Nobody read me my rights when I was stopped or arrested. Now they have to dismiss the case, right?

Written by: Christopher Yotz

            I’ve heard this question several times over the years. I think this may be another myth perpetuated by Hollywood. Just because you did not receive the Miranda Warnings does not mean that the criminal case against you must be dismissed based on that fact alone. However, there may be issues in the case against you that an attorney can use based on this fact which could lead to some evidence being barred from use at trial. If enough, or the right parts, of the evidence is barred then this could lead to a dismissal of some or all of the criminal charges.

            In a brief nutshell, the Miranda Warning is only necessary if: 1. you are arrested, 2. the police question you, and 3. the government wants to use what you say as a result of those questions against you. If any of these factors are missing then the lack of a Miranda Warning may not matter.

            During a DWI stop or other criminal arrest/investigation there are times when you may be under arrest and must have the Miranda Warning read to you before a solicited statement could be used against you. And, there are other times that it isn’t necessary.

            Let’s use my favorite example of a DWI stop here in good ole Kansas City, Missouri. A Kansas City police officer stops you for a traffic violation. When the officer walks up to your window he (I’m going to use the pronoun he but the officer could be a he or a she) asks if you know why he stopped you. An answer to this question could be used against you. The courts believe that at this time you may not be under arrest. Therefore, no Miranda Warning is necessary here.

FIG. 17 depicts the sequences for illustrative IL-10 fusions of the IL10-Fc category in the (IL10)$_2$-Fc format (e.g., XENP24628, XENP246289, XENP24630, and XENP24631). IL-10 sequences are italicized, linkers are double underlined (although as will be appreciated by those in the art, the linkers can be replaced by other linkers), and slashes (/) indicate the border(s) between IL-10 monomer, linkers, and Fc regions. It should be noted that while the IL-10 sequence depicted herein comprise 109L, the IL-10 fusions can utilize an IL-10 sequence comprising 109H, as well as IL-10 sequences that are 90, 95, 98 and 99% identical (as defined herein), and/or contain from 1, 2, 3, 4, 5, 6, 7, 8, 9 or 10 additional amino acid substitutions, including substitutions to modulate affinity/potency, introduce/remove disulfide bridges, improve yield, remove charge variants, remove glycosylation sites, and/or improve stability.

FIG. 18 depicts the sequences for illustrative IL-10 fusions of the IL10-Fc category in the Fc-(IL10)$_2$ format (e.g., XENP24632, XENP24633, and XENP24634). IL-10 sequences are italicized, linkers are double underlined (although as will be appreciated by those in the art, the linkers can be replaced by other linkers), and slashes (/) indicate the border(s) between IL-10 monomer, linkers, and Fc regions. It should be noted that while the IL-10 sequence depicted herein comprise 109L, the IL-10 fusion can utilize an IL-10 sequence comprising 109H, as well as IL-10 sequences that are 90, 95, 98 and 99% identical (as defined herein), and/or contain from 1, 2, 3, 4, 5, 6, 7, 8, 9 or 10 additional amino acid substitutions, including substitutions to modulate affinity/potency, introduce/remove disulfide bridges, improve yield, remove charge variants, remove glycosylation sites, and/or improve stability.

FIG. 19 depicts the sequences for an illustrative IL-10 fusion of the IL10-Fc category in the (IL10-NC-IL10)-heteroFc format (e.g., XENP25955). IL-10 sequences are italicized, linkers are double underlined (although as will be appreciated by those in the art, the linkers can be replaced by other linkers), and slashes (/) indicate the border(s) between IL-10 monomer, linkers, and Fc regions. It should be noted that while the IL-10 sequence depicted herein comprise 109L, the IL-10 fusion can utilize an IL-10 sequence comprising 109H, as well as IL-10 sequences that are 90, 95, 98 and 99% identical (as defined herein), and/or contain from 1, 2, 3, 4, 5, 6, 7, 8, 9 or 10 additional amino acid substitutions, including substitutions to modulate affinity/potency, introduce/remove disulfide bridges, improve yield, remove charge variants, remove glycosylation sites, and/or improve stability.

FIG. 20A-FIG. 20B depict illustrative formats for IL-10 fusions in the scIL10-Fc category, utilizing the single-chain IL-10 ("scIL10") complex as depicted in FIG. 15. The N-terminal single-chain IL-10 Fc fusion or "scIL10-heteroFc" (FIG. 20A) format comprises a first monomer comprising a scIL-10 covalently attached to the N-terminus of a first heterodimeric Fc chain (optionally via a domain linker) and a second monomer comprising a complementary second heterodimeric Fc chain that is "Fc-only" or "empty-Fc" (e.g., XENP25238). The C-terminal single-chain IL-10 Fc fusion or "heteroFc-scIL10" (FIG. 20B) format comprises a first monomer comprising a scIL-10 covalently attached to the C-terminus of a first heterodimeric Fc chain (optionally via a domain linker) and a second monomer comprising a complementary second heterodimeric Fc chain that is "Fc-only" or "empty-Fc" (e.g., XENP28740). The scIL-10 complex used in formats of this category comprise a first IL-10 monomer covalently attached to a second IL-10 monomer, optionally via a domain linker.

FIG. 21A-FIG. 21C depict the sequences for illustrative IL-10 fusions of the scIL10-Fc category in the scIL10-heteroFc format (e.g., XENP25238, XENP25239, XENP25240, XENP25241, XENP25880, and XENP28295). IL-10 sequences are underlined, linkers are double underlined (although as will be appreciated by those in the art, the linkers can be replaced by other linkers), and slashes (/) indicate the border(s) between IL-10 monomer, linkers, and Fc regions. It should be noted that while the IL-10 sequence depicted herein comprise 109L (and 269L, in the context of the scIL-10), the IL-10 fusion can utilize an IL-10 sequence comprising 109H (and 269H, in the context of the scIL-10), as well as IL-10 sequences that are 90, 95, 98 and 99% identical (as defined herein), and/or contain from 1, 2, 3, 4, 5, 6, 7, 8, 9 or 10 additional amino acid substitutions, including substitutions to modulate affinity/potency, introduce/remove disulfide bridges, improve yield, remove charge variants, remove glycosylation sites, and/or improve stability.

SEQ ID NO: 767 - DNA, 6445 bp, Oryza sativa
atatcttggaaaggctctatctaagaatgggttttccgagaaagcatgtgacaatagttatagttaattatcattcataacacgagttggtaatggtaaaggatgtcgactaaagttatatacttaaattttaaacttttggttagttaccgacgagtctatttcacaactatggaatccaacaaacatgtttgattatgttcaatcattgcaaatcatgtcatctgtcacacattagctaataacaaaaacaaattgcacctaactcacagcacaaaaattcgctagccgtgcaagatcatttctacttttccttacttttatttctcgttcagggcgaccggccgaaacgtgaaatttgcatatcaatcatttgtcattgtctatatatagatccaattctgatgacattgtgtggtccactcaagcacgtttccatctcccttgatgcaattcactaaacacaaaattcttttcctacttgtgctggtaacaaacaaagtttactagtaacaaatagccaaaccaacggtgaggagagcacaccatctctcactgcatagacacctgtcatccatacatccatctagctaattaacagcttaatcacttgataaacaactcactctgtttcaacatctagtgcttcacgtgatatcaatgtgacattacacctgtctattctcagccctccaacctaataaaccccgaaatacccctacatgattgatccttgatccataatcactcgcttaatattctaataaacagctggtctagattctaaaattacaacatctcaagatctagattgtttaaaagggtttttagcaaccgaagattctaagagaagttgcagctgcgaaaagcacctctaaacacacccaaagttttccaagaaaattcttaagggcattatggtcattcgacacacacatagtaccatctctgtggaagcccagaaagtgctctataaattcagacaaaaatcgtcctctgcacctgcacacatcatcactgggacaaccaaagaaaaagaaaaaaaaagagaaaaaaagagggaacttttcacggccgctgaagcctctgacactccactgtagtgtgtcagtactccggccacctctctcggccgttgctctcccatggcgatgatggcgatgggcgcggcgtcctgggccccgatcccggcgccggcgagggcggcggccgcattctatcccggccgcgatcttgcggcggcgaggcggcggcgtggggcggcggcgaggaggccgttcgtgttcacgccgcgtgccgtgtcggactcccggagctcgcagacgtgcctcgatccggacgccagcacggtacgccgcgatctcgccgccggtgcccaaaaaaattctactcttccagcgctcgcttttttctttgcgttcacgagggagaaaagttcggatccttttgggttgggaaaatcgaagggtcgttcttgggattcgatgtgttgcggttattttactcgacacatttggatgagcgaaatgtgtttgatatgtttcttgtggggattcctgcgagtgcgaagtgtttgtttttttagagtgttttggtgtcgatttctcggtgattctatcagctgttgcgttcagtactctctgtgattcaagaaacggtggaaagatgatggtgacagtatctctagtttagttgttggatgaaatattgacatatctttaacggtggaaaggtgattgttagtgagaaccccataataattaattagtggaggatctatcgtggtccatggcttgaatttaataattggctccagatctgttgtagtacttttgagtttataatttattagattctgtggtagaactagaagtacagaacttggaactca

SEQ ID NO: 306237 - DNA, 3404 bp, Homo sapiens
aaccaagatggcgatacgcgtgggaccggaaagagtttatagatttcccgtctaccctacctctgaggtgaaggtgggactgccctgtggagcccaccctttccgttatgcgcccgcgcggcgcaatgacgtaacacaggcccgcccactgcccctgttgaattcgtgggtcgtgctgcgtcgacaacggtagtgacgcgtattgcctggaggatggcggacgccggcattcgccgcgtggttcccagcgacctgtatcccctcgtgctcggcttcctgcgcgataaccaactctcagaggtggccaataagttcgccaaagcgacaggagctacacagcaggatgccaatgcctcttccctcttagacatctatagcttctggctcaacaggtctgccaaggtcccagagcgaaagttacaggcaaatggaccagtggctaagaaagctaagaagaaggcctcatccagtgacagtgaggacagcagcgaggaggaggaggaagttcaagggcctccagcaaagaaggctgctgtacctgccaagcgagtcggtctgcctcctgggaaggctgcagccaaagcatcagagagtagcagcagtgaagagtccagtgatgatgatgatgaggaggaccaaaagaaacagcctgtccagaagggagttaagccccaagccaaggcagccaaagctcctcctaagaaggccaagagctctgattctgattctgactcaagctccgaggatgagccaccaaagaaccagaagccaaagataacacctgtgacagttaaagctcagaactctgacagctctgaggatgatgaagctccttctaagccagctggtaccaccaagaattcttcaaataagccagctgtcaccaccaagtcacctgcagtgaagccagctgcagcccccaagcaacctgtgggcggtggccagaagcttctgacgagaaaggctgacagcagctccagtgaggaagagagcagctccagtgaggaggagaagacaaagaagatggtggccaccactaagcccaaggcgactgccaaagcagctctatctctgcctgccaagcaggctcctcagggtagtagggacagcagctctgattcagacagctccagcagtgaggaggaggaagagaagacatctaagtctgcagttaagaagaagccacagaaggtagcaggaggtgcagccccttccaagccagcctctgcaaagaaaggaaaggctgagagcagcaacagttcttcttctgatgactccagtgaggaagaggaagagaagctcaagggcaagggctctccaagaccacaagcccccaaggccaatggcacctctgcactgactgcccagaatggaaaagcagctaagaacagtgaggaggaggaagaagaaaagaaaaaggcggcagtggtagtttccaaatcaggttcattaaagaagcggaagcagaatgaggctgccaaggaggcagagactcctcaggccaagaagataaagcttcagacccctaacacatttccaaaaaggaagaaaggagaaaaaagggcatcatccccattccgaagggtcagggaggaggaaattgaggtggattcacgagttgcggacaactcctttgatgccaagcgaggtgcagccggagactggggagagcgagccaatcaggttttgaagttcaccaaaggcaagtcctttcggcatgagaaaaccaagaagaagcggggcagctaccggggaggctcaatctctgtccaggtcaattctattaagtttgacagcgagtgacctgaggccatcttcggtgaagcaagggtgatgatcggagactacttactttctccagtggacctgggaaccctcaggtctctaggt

We’ll keep going with the example above. Let’s say that the officer decides to put you through the Standardized Field Sobriety Tests. These are the three tests that the NHTSA endorses for officers to use in order to show probable cause for a DWI arrest. (I’ll talk about these tests in another post later). After these tests the officer places you under arrest for DWI. Now, even the courts believe you are under arrest. But, when the officer helps you into the back seat of his car you typically still haven’t received the Miranda Warning. If at this point the officer asks you questions the answers may not be useable in court. However, let’s say you get scared and suddenly blurt out that you are sorry you are so drunk. Since this statement was not solicited by the officer it could be used against you.

            Back at the station after the above DWI arrest example the officer should read you a list of questions about where you’ve been, what you’ve eaten, and what you’ve had to drink, etc. The very first part of this questionnaire is a list of the Miranda Warnings that the officer is required to read to you. At this point all the stars align and we have all three elements above; arrest, questions and (unfortunately) answers.

            Considering all of the above, the short answer to the title of this post is; maybe. A criminal charge might be dismissed due to a lack of the Miranda Warning being given but only as a small part of the complicated whole. This is why you hire a lawyer to take a deep and long look at the case against you. Like I’ve said before on this site; you don’t have to hire me, but hire the best lawyer you can afford. This gives you the best shot at protecting your rights in a criminal case.